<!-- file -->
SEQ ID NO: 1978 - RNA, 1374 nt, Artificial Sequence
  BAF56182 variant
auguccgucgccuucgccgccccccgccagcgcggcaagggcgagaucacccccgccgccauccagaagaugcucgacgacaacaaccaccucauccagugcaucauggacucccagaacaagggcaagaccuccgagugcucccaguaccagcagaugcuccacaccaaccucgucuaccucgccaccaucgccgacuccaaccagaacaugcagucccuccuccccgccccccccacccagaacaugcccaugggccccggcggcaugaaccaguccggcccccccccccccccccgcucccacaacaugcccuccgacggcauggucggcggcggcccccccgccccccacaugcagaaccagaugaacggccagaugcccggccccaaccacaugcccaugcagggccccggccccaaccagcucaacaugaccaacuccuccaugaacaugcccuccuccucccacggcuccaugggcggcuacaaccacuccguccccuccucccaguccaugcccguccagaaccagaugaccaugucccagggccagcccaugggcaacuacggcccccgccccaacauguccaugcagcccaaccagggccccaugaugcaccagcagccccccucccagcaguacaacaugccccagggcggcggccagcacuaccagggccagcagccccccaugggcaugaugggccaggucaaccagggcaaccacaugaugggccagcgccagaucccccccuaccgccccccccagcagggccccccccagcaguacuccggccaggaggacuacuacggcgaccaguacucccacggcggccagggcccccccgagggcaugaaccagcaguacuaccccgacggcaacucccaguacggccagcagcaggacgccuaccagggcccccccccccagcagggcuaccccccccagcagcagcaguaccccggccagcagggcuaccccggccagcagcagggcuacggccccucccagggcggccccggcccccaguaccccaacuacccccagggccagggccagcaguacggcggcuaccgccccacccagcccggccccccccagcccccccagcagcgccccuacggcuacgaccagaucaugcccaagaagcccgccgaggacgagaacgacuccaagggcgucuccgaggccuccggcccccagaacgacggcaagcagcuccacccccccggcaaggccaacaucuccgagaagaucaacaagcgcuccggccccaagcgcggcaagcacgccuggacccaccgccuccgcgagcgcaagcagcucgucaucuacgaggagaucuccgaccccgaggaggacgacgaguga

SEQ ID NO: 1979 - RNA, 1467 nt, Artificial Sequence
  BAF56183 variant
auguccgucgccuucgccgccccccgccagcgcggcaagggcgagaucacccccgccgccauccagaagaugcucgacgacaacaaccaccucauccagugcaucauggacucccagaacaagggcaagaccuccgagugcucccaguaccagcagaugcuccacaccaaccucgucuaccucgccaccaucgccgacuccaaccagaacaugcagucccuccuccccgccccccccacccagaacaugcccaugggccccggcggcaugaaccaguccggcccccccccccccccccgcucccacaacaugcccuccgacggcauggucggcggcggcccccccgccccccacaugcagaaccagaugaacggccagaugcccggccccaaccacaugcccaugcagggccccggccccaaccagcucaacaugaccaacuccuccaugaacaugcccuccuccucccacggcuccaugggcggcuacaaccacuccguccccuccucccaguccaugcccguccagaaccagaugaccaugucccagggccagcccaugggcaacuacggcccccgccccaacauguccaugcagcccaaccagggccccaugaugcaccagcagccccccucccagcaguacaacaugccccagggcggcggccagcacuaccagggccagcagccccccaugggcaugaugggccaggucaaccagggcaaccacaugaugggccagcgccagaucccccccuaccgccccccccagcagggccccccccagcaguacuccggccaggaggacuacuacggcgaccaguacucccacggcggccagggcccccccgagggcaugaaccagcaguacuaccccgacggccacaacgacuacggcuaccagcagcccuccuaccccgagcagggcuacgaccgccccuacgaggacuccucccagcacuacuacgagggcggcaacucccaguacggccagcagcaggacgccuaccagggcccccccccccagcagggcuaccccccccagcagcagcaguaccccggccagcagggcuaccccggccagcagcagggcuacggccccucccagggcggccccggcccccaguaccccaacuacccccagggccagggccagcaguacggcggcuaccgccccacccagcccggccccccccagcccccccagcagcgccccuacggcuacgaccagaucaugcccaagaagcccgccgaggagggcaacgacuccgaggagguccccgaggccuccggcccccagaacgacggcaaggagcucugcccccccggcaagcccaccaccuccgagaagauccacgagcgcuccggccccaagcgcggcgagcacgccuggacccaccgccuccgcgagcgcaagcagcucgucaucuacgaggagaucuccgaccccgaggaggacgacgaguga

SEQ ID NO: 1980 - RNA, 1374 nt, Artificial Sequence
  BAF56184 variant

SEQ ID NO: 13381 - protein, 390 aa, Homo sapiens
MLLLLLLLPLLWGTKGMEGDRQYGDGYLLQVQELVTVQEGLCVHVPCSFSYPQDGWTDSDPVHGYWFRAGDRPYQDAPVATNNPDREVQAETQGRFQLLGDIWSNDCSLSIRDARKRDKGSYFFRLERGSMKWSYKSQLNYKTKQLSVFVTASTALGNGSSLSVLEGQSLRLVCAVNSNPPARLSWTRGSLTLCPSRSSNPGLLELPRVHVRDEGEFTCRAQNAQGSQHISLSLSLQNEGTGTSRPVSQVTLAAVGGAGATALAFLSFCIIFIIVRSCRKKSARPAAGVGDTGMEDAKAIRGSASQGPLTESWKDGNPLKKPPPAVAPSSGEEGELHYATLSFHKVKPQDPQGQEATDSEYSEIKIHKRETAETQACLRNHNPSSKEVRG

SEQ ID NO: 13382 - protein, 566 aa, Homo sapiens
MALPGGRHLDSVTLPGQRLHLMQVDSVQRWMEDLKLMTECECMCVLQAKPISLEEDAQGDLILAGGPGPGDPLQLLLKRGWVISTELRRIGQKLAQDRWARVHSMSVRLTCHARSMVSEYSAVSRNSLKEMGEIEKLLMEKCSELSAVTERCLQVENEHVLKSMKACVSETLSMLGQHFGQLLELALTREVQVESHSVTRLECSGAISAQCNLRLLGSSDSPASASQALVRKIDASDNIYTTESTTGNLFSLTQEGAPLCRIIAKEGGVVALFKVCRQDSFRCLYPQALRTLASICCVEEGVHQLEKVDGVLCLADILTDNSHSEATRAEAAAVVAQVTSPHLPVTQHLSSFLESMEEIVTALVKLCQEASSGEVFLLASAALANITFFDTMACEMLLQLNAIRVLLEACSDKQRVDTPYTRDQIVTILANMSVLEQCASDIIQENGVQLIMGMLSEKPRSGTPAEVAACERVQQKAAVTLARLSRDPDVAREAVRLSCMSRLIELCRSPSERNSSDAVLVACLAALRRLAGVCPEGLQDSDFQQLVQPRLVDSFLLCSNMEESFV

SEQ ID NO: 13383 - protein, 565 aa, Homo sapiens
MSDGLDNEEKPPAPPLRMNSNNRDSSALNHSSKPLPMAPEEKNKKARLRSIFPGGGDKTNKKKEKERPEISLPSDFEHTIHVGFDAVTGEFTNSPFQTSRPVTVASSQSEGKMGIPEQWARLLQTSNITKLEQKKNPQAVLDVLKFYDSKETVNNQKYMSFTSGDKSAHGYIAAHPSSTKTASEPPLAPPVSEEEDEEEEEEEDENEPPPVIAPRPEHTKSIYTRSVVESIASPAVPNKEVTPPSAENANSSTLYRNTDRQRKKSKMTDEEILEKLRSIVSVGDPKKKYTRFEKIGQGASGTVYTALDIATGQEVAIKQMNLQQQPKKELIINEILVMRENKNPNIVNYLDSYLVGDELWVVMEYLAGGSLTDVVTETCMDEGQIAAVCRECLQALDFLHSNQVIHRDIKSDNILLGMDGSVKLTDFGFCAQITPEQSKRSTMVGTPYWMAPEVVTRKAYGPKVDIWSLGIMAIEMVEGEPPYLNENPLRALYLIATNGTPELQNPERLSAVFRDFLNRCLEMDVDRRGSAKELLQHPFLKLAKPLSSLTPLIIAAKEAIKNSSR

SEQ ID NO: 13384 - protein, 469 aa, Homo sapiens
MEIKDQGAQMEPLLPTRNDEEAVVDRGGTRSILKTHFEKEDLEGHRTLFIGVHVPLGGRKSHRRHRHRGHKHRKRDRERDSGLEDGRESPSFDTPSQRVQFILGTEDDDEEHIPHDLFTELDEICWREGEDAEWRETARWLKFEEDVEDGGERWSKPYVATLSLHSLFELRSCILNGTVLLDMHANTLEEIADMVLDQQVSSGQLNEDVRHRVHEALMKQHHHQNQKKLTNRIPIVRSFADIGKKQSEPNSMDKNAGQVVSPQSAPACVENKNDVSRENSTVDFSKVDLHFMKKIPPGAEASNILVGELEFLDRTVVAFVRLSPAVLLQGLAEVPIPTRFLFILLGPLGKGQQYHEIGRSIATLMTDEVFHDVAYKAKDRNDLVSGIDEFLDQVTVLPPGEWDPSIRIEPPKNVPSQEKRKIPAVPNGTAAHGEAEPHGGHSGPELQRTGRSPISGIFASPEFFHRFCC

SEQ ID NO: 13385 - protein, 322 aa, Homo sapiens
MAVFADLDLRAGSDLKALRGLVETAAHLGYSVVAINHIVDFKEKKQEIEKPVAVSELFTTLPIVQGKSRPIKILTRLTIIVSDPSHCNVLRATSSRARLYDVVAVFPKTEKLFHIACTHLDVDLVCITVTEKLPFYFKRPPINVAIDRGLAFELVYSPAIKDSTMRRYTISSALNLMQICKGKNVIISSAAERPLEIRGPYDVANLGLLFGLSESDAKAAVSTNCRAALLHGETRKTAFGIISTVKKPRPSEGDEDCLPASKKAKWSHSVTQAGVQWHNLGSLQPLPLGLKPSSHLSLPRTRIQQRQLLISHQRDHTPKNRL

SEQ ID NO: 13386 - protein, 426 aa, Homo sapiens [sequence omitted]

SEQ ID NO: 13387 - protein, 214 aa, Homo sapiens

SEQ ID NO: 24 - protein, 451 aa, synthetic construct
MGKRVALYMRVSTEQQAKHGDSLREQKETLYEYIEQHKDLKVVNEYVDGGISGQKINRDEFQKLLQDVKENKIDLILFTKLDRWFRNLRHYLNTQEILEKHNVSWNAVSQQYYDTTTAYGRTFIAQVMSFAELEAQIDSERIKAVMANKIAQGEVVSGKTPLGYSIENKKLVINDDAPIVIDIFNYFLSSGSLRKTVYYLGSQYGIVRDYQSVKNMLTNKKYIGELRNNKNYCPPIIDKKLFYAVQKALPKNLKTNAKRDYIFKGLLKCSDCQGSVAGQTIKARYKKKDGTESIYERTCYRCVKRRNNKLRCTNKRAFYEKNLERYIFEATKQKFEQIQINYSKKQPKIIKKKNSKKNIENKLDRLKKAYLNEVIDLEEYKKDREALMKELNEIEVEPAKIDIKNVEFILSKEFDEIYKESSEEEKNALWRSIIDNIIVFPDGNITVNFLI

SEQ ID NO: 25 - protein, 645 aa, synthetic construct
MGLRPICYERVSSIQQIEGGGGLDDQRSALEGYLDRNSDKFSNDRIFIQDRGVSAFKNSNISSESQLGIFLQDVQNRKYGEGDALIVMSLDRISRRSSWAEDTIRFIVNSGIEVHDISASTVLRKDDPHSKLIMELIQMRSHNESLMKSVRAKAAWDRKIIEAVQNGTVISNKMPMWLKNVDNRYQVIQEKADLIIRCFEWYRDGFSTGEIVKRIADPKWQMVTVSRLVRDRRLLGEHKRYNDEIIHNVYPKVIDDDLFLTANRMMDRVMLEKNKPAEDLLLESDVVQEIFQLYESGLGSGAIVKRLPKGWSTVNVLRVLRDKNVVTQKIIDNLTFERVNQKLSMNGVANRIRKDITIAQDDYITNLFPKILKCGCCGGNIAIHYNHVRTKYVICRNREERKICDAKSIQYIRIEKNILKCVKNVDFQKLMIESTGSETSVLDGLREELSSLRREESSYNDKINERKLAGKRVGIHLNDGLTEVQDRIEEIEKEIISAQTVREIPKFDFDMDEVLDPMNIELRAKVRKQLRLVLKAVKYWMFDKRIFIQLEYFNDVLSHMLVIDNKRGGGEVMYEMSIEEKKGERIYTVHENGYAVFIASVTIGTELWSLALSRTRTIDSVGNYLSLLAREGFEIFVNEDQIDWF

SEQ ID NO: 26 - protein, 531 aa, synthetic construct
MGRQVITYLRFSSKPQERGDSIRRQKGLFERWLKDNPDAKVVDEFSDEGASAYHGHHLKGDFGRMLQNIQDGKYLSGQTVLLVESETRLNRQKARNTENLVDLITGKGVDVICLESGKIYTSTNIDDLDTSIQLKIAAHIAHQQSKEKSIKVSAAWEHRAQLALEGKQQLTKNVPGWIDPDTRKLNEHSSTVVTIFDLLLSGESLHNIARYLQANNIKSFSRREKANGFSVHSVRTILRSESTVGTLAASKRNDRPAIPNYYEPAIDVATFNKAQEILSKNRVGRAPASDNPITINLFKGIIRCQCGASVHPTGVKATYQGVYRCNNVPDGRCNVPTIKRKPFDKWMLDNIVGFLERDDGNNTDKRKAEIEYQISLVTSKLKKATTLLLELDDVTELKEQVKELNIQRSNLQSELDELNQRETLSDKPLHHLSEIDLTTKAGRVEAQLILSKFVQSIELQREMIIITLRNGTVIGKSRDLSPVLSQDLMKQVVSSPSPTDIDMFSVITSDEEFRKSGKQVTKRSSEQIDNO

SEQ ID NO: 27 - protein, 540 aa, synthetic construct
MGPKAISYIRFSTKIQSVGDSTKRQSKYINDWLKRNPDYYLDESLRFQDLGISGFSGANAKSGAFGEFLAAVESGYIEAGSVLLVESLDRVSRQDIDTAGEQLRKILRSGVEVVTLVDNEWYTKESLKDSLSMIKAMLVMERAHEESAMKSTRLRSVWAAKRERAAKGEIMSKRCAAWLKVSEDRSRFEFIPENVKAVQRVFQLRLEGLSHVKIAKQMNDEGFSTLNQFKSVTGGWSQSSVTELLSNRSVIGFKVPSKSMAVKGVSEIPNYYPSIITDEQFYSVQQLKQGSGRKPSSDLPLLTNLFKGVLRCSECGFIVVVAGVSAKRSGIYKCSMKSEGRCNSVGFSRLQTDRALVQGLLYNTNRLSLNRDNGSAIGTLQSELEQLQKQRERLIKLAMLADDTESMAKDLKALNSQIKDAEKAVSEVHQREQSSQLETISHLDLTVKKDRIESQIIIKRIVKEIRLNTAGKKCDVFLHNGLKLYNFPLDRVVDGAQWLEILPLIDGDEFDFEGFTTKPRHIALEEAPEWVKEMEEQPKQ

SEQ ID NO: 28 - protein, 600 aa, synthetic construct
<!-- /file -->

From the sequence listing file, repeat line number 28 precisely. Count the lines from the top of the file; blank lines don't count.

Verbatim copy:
MGPKAISYIRFSTKIQSVGDSTKRQSKYINDWLKRNPDYYLDESLRFQDLGISGFSGANAKSGAFGEFLAAVESGYIEAGSVLLVESLDRVSRQDIDTAGEQLRKILRSGVEVVTLVDNEWYTKESLKDSLSMIKAMLVMERAHEESAMKSTRLRSVWAAKRERAAKGEIMSKRCAAWLKVSEDRSRFEFIPENVKAVQRVFQLRLEGLSHVKIAKQMNDEGFSTLNQFKSVTGGWSQSSVTELLSNRSVIGFKVPSKSMAVKGVSEIPNYYPSIITDEQFYSVQQLKQGSGRKPSSDLPLLTNLFKGVLRCSECGFIVVVAGVSAKRSGIYKCSMKSEGRCNSVGFSRLQTDRALVQGLLYNTNRLSLNRDNGSAIGTLQSELEQLQKQRERLIKLAMLADDTESMAKDLKALNSQIKDAEKAVSEVHQREQSSQLETISHLDLTVKKDRIESQIIIKRIVKEIRLNTAGKKCDVFLHNGLKLYNFPLDRVVDGAQWLEILPLIDGDEFDFEGFTTKPRHIALEEAPEWVKEMEEQPKQ